The sociocultural perspective is a theory used in various fields such as psychology and is used to describe awareness of circumstances surrounding individuals and how their behaviors are affected specifically by their surrounding, social and cultural factors. According to Catherine A. Sanderson (2010) “Sociocultural perspective: A perspective describing people’s behavior and mental processes as shaped in part by their social and/or cultural contact, including race, gender, and nationality.” Sociocultural perspective theory is a broad yet significant aspect in our being. It applies to every sector of our daily lives. How we communicate, understand, relate and cope with one another is partially based on this theory. Our spiritual, mental, physical, emotional, physiological being are all influenced by sociocultural perspective theory.
Various studies examine topics using the sociocultural perspective in order to account for variability from person to person and acknowledge that social and cultural differences affect these individuals. One example comes from the journal European Psychologist: Investigating Motivation in Context: Developing Sociocultural Perspectives by Richard A. Walker, Kimberley Pressick-kilborn, Lynette S. Arnold, and Erica J. Sainsbury (2004). Recently, however, a renewed interest in the contextual nature of motivation has come about for several reasons. First, the relatively recent influence of the ideas of Vygotsky and his followers (John-Steiner & Mahn, 1996; Greeno & The Middle School Through Applications Project, 1998) in educational psychology has led writers in the field (Goodenow, 1992; Pintrich, 1994; Anderman & Anderman, 2000) to acknowledge the importance of context and to call for its greater recognition in educational psychology, and more particularly in motivational research. As both Goodenow (1992) and Hickey (1997) note, in sociocultural theories deriving from Vygotsky, human activities, events, and actions cannot be separated from the context in which they occur so that context becomes an important issue in sociocultural research. Second, researchers concerned with learning and cognition (e.g., Greeno et al, 1998) have come to see these processes also as being situated in particular contexts. While this view, with its emphasis on the distributed nature of learning and cognition, has origins in sociocultural theories".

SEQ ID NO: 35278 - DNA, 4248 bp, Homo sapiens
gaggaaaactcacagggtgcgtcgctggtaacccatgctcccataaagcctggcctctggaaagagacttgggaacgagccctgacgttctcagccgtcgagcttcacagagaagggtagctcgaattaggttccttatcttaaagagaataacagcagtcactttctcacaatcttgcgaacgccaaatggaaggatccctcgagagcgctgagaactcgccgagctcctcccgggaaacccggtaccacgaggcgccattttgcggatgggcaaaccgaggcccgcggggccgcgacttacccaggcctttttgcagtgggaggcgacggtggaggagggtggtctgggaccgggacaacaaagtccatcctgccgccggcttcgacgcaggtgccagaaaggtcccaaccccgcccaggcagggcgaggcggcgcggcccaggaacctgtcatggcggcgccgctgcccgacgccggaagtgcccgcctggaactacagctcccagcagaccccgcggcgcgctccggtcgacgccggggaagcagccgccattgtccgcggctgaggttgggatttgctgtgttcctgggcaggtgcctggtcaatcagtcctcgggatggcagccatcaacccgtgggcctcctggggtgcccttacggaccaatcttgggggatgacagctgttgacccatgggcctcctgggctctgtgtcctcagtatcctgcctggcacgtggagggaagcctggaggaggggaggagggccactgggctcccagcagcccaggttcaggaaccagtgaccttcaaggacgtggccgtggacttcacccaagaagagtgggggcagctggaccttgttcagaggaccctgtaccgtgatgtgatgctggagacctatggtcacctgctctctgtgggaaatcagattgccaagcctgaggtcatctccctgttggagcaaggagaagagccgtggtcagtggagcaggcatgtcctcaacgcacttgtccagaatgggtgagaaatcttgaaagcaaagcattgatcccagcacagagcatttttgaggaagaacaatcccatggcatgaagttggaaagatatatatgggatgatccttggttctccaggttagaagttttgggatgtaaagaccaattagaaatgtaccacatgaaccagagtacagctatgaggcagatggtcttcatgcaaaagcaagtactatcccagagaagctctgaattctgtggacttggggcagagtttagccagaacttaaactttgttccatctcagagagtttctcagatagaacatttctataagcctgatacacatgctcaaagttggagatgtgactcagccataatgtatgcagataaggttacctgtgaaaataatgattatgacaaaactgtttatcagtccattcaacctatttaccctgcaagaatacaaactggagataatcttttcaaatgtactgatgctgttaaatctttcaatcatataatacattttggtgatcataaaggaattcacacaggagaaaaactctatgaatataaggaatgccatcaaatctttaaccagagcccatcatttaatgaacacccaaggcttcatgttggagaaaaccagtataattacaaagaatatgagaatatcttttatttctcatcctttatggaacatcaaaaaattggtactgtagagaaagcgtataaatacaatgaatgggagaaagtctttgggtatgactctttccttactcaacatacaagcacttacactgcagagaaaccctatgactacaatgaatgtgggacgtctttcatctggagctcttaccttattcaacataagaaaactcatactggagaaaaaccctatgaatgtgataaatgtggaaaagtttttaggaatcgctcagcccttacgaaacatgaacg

This theory or perspective is examined in The Modern Language Journal “A Sociocultural Perspective on Language Learning Strategies: The Role of Mediation” by Richard Donato and Dawn McCormick. According to Donato and McCormick (1994) “Sociocultural theory maintains that social interaction and cultural institutions, such as schools, classrooms, etc., have important roles to play in an individual’s cognitive growth and development.” “We believe that this perspective goes beyond current cognitive and social psychological conceptions of strategic language learning, both of which assume that language tasks and contexts are generalizable. The sociocultural perspective, on the other hand, views language learning tasks and contexts as situated activities that are continually under development (22) and that are influential upon individuals’ strategic orientations to classroom learning.”
The Sociocultural perspective is also used here in order to assess use of mental health services for immigrants: “From a sociocultural perspective, this article reviews causes of mental health service underuse among Chinese immigrants and discusses practice implications. Factors explaining service underuse among Chinese immigrants are multifaceted, extending across individual, family, cultural and system domains. The first of these is cultural explanation of mental illness. Cultural beliefs, regarding the cause of mental disorders greatly affect service use. The perceived causes of mental illness include moral, religious, or cosmological, physiological, psychological, social and genetic factors”. From Canadian Social Work, “A Sociocultural Perspective of Mental Health Services Use by Chinese Immigrants” by Lin Fang, (2010).
According to "Asian American Journal of Psychology", "Coping with perceived racial and gender discrimination experiences among 11 Asian/Asian American female faculty at various Christian universities" have been examined in this theory. After the study was conducted the results revealed that "ten of the 11 women described experiences where they perceived being treated differently due to race and/or gender. Qualitative analyses of interview data revealed four themes related to coping: Proactive Coping, External Support, Personal Resources, and Spiritual Coping. The resulting themes are discussed in light of existing research, with an emphasis on the importance of understanding cultural and religious values to the study of coping". Kim, C. L., Hall, M., Anderson, T. L., & Willingham, M. M. (2011). Coping with discrimination in academia: Asian-American and Christian perspectives. Asian American Journal Of Psychology, 2(4), 291-305. doi:10.1037/a0025552
Another instance of the sociocultural perspective can be found in language learning literature: “By adopting a sociocultural perspective that highlights the critical role of the social context in cognitive and social development (Vygotsky, 1978), we propose that learners’ actions to facilitate or sometimes constrain their language learning cannot be fully understood without considering the situated contexts in which strategies emerge and develop, as well as the kinds of hierarchies within which studies from diverse backgrounds find themselves in U.S. classrooms (Bourdieu, 1991). From Theory Into Practice, “A Sociocultural Perspective on Second Language Learner Strategies: Focus on the Impact of Social Context.” by Eun-Young Jang and Robert T. Jimenez, 2011.